One of the most undervalued but critical tools in the marketing and communication toolbox is a well-written brief.
Coming from journalism I struggled at first with the notion of giving people written instructions before they set out to do a piece of work. I came from a fast-moving newsroom environment where the closest thing we got to a briefing session was a few words shouted down the phone as you ran to the car.
However, after years of observation and a few painful experiences along the way, I can attest to the great value of putting time and effort into the briefing process.
For those of you not familiar with the idea, a brief is commonly used in the communication process between a client assigning a piece of work to an advertising agency.
The great value of the brief is that the very process of articulating precisely what is required forces everyone to focus and significantly increases the chances that what is created will actually align with the problem that needs to be solved.
I am not a big fan of briefs longer than two A4 pages. If you want to provide additional background information by all means do so but as an addendum to the main document.
The most important element of the brief is the section describing precisely what needs to be achieved and how success will be measured. Be specific. Are we talking about attitudinal change or a influencing a specific behaviour? I always like to spell out very clearly to the creative agency how success will be measured by the client. For example: If sales inquiries increase by 10% then the campaign will be judged successful. This leaves no room for doubt as to what you need the creative outcome to achieve.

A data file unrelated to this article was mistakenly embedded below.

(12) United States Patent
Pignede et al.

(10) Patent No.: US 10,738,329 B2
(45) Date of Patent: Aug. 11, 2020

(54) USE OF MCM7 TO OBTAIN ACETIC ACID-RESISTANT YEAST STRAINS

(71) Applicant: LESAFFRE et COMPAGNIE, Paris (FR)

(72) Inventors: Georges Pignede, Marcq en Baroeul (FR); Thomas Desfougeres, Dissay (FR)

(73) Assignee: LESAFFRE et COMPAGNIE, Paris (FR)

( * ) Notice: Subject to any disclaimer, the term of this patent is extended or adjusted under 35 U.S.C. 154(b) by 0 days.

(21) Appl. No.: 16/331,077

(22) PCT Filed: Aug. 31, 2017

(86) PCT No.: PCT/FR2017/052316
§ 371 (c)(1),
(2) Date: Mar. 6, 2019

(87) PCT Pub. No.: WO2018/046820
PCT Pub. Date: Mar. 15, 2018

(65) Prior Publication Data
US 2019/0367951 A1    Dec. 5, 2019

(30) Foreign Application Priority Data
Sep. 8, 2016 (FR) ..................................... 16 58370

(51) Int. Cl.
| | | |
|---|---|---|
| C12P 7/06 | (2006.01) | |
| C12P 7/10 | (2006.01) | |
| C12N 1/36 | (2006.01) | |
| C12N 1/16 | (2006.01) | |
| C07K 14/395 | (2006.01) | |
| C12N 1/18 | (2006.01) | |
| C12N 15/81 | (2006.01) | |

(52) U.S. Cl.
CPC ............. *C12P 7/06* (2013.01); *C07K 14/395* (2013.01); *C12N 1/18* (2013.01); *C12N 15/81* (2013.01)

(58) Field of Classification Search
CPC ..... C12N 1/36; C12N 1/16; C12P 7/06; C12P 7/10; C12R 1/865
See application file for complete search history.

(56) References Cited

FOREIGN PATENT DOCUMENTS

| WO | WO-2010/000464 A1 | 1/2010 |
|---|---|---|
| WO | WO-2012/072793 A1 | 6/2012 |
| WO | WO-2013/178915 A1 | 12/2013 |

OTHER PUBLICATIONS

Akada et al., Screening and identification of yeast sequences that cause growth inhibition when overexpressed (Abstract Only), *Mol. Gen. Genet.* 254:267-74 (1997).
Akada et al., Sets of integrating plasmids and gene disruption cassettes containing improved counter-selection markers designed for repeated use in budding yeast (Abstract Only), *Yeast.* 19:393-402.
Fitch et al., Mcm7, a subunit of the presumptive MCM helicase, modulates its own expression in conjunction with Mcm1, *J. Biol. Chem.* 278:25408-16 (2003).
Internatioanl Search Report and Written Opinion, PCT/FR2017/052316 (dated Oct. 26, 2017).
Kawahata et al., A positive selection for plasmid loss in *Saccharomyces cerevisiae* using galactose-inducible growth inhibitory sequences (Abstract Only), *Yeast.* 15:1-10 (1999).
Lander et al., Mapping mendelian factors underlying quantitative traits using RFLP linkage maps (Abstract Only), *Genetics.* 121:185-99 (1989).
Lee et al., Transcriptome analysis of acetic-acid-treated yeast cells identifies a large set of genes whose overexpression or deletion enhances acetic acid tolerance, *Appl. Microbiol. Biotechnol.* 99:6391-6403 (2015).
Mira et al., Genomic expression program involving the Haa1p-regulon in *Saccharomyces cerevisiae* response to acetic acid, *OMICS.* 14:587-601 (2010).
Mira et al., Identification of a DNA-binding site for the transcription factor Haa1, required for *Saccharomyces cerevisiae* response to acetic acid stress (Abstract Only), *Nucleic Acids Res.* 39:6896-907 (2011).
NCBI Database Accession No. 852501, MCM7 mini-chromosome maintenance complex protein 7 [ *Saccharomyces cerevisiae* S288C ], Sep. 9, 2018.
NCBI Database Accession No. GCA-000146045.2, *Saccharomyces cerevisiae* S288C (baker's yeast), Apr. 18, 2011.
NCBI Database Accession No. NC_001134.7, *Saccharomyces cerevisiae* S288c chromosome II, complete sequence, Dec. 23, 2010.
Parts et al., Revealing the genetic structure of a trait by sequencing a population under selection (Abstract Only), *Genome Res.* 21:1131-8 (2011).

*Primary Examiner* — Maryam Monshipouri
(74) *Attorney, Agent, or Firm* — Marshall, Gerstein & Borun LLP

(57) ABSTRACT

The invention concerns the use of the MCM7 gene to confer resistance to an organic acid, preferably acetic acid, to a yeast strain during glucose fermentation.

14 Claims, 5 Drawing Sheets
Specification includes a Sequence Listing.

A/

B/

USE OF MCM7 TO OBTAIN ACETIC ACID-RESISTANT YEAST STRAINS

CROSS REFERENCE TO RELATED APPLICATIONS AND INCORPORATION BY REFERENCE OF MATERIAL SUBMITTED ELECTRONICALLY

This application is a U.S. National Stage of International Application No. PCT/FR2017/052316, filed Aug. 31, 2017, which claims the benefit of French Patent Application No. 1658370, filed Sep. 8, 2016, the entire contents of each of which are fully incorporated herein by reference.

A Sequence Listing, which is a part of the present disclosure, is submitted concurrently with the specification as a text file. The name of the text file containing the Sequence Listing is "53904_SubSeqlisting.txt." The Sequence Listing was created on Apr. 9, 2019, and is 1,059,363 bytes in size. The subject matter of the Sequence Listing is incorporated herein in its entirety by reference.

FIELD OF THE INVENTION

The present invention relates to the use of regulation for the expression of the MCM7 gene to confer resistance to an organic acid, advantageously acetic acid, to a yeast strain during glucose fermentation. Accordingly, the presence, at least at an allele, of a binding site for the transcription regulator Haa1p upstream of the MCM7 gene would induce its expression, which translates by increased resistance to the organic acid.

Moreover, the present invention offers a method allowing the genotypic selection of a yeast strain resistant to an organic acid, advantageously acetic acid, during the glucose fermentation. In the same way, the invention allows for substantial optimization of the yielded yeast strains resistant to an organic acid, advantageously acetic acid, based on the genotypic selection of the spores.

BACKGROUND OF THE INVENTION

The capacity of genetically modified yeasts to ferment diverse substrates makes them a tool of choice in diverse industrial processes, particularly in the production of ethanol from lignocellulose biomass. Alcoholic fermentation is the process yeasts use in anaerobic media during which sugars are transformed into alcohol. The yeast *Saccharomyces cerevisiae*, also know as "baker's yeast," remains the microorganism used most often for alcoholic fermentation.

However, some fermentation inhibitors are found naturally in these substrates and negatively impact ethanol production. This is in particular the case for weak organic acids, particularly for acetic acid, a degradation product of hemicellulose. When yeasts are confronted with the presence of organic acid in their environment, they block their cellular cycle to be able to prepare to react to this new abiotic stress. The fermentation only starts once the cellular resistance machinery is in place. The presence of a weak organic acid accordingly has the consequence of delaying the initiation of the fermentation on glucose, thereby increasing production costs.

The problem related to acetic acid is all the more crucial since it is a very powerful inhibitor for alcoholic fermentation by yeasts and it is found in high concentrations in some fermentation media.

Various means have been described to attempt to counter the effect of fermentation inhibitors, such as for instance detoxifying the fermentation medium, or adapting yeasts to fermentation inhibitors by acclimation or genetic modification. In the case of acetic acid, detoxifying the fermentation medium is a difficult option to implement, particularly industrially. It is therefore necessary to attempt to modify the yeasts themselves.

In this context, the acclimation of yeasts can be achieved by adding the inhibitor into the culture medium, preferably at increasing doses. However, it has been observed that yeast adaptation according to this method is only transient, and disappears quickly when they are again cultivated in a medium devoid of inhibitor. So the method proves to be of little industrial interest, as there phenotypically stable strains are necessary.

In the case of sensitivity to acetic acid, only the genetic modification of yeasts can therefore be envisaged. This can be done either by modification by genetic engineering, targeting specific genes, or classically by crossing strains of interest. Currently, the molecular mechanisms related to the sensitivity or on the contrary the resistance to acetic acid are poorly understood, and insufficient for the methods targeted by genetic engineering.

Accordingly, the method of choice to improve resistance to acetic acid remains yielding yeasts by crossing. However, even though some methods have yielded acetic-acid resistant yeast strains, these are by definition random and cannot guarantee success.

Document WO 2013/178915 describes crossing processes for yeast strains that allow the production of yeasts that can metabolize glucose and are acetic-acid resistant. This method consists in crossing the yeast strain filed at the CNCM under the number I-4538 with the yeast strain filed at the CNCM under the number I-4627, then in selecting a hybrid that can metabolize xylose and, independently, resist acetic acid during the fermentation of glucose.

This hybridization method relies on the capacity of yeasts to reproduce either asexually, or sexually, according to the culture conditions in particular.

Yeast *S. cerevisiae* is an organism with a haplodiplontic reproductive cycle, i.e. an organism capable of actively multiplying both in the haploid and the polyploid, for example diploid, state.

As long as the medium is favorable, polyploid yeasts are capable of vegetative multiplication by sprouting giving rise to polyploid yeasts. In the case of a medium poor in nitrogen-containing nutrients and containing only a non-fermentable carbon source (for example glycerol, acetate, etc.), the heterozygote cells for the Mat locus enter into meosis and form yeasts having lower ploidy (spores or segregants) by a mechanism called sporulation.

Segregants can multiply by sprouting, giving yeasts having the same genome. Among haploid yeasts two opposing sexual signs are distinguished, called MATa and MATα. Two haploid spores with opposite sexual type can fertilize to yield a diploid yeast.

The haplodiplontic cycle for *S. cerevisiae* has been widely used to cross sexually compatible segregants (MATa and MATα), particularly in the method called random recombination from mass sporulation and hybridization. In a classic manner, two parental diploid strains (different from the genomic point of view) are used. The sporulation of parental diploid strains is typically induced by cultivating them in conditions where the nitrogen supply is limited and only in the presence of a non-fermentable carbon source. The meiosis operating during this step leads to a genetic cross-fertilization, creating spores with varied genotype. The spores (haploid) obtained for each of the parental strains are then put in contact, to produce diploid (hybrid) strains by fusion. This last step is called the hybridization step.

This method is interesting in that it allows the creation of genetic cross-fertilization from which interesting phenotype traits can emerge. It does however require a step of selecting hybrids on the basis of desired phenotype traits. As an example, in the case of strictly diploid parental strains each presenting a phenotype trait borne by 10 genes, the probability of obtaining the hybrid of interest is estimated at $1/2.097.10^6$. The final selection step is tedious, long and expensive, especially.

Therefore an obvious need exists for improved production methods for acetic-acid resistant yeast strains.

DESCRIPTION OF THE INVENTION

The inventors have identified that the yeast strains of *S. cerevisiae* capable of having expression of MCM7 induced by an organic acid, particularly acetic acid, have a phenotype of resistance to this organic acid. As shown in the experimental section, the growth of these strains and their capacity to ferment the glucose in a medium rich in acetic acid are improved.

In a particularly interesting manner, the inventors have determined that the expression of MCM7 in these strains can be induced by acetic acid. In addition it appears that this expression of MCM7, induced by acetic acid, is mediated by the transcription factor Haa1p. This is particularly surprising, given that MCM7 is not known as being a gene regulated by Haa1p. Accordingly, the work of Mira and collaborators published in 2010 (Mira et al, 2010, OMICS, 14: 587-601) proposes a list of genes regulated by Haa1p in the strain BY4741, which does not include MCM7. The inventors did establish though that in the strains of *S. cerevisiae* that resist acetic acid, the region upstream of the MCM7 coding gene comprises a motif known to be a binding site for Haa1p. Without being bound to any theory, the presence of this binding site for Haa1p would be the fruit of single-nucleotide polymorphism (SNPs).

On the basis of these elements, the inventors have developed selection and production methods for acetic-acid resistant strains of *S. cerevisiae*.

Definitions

The nature of the briefing process will change as the relationship between the client and agency matures. In the early days you will need to invest more time but that doesn’t mean briefs can be abandoned down the track. In fact, I have a theory that often the issues that develop between agencies and clients have their origins in the briefing process. (That is an oversimplification but I think a tightly controlled briefing process can help avoid the misunderstandings and presumptions that turn into relationship breakers).
Many agencies have their own briefing documents, as do clients – and I am fine with that. The most important thing about the briefing process is that maximum effort is applied in ensuring utter clarity and shared purpose between client and agency. Of course even the perfect brief doesn’t guarantee the best creative outcome…but it sizeably reduces the risk that client and agency will end up at loggerheads AND noticeably INCREASES the chances of a successful result.